Mutations in isocitrate dehydrogenase 1 (IDH1) occur in ∼4% of patients with myelodysplastic syndrome (MDS) and have been linked with increased transformation to acute myeloid leukemia (AML). Ivosidenib (IVO; AG-120) is an oral, potent, targeted inhibitor of the mutant IDH1 protein (mIDH1) that is approved for the treatment of adults with mIDH1 relapsed or refractory (R/R) AML. Through inhibition of mIDH1, IVO suppresses production of the oncometabolite 2-hydroxyglutarate, leading to clinical responses via differentiation of malignant cells.
To report safety and efficacy data from patients with R/R MDS enrolled in the first-in-human, phase 1, dose escalation and expansion study of IVO in patients with mIDH1 advanced hematologic malignancies (NCT02074839).
This ongoing study is evaluating the safety, maximum tolerated dose (MTD), pharmacokinetics, pharmacodynamics, and clinical activity of IVO. Enrollment was completed on May 8, 2017. In dose escalation, patients received single-agent IVO orally (dose range, 200–1200 mg daily) in 28-day cycles. The MTD was not reached and 500 mg QD was selected as the dose for expansion. The overall response rate (ORR) for MDS was defined as complete remission (CR) + partial remission + marrow CR (mCR) according to International Working Group 2006 criteria for MDS. Exploratory biomarker assessments included baseline co-occurring mutations (next-generation sequencing panel for hematologic malignancies) and mIDH1 variant allele frequency (VAF) in bone marrow mononuclear cells (BEAMing Digital PCR; lower limit of detection for mIDH1, 0.02–0.04%).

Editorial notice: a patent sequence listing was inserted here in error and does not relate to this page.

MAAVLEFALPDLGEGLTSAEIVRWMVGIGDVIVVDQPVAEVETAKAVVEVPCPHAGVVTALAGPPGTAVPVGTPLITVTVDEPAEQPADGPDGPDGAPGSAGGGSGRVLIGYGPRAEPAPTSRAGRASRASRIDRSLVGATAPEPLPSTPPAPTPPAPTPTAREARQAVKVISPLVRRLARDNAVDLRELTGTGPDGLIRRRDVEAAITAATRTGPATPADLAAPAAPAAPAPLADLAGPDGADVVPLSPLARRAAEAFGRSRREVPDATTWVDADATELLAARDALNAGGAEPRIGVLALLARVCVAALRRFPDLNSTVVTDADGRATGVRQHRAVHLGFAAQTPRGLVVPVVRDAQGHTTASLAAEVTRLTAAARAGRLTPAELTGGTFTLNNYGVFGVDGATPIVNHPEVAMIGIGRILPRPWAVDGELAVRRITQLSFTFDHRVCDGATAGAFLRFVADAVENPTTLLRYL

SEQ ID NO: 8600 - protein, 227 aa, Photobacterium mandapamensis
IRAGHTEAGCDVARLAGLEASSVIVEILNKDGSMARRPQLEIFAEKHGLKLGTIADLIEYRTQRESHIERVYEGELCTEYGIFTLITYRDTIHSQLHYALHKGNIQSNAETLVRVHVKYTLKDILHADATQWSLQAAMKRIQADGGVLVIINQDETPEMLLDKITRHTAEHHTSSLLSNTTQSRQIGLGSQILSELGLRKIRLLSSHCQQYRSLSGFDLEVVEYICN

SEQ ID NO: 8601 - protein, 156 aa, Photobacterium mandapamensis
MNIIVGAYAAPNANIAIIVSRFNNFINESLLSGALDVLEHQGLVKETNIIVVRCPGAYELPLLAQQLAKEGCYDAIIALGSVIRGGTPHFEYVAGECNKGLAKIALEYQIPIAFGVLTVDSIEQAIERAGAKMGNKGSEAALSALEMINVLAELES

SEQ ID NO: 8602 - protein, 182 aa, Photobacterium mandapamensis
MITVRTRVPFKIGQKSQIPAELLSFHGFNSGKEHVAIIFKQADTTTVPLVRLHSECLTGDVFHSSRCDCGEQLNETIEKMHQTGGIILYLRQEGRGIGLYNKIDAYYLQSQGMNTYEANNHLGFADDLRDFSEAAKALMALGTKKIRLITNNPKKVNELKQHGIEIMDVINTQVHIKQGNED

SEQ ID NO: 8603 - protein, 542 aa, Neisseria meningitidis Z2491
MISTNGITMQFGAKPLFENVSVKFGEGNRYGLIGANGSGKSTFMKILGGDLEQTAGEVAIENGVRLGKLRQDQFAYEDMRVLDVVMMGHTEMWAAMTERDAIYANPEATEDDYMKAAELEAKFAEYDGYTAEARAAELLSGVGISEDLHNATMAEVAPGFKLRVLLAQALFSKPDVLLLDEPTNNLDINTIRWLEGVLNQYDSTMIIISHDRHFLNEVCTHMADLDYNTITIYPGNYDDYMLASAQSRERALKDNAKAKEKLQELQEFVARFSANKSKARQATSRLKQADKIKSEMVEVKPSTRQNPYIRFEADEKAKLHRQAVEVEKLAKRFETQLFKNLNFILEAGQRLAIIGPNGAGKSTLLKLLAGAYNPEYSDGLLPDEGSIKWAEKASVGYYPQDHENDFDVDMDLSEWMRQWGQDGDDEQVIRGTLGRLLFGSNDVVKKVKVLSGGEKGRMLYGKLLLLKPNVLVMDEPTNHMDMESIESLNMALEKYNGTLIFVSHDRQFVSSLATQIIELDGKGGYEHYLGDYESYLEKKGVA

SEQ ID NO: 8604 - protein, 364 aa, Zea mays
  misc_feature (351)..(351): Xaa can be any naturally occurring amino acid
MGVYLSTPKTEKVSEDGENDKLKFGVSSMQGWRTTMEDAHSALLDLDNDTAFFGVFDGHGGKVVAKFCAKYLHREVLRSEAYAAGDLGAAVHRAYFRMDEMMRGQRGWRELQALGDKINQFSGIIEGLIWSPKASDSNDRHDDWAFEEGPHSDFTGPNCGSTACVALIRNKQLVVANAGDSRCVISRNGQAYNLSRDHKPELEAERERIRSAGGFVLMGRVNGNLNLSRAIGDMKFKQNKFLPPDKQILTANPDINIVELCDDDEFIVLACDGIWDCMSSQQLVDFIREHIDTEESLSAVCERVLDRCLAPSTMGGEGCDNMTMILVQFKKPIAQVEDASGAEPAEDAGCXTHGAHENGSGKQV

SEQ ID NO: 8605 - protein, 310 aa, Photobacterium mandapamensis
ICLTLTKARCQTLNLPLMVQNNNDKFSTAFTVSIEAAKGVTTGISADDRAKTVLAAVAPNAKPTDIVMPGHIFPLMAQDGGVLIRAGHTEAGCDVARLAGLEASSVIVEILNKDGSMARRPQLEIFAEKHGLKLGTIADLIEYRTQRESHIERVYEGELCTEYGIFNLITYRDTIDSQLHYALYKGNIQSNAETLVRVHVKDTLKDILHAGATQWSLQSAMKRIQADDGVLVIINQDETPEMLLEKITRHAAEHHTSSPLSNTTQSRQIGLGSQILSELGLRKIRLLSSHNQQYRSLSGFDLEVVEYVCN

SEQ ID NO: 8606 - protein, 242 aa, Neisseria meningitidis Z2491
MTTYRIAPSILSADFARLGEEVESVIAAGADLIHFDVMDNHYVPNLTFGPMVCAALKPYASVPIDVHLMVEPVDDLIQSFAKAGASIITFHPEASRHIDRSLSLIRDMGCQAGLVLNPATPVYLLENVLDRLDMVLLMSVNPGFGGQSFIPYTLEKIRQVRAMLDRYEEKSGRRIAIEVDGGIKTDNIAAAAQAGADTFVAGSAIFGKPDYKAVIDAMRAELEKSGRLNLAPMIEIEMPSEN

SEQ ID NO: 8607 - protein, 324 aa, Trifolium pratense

Baseline characteristics of the 12 patients with R/R MDS who received 500 mg IVO once daily were: 9 men/3 women; median age 72.5 years (range 52–78), and 42% were ≥75 years of age; median number of prior therapies 1 (range 1–3). As of Nov 2, 2018, 3 of 12 (25.0%) patients remained on treatment; 9 (75.0%) had discontinued (one for allogeneic stem cell transplantation). Median duration of exposure to IVO was 11.4 months (range 3.3–42.5). Adverse events (AEs) of any grade, irrespective of causality, occurring in ≥20% of the 12 patients were diarrhea, fatigue, back pain, rash (n = 4 each, 33.3%), anemia, urinary tract infection, decreased appetite, hypokalemia, arthralgia, dyspnea, pruritus, and hypotension (n = 3 each, 25.0%). No AEs led to permanent discontinuation of treatment. IDH differentiation syndrome was observed in 1 of 12 (8.3%) patients (grade 2). Electrocardiogram QT prolonged was reported in 2 of 12 patients (17%; grade 1 in 1 patient and grade 2 in 1 patient). Five of 12 patients achieved CR (41.7%; 95% CI 15.2%, 72.3%), 1 achieved PR (8.3%), and 5 achieved mCR (41.7%), resulting in an ORR of 91.7% (95% CI 61.5%, 99.8%). The median duration of CR was not estimable (NE) at the time of datacutoff and the median duration of response was 21.4 months (95% CI 2.3, NE). At 12 months, 60.0% of patients remained in CR. Among 5 patients who were transfusion dependent at baseline, 4 became transfusion independent for ≥56 consecutive days on treatment. Baseline co-occurring mutations and changes in mIDH1 VAF levels will be presented.
In patients with mIDH1 R/R MDS, IVO monotherapy was well tolerated and induced durable remissions and transfusion independence. These findings support the role of IVO as an effective, oral, targeted treatment for patients with mIDH1 R/R MDS.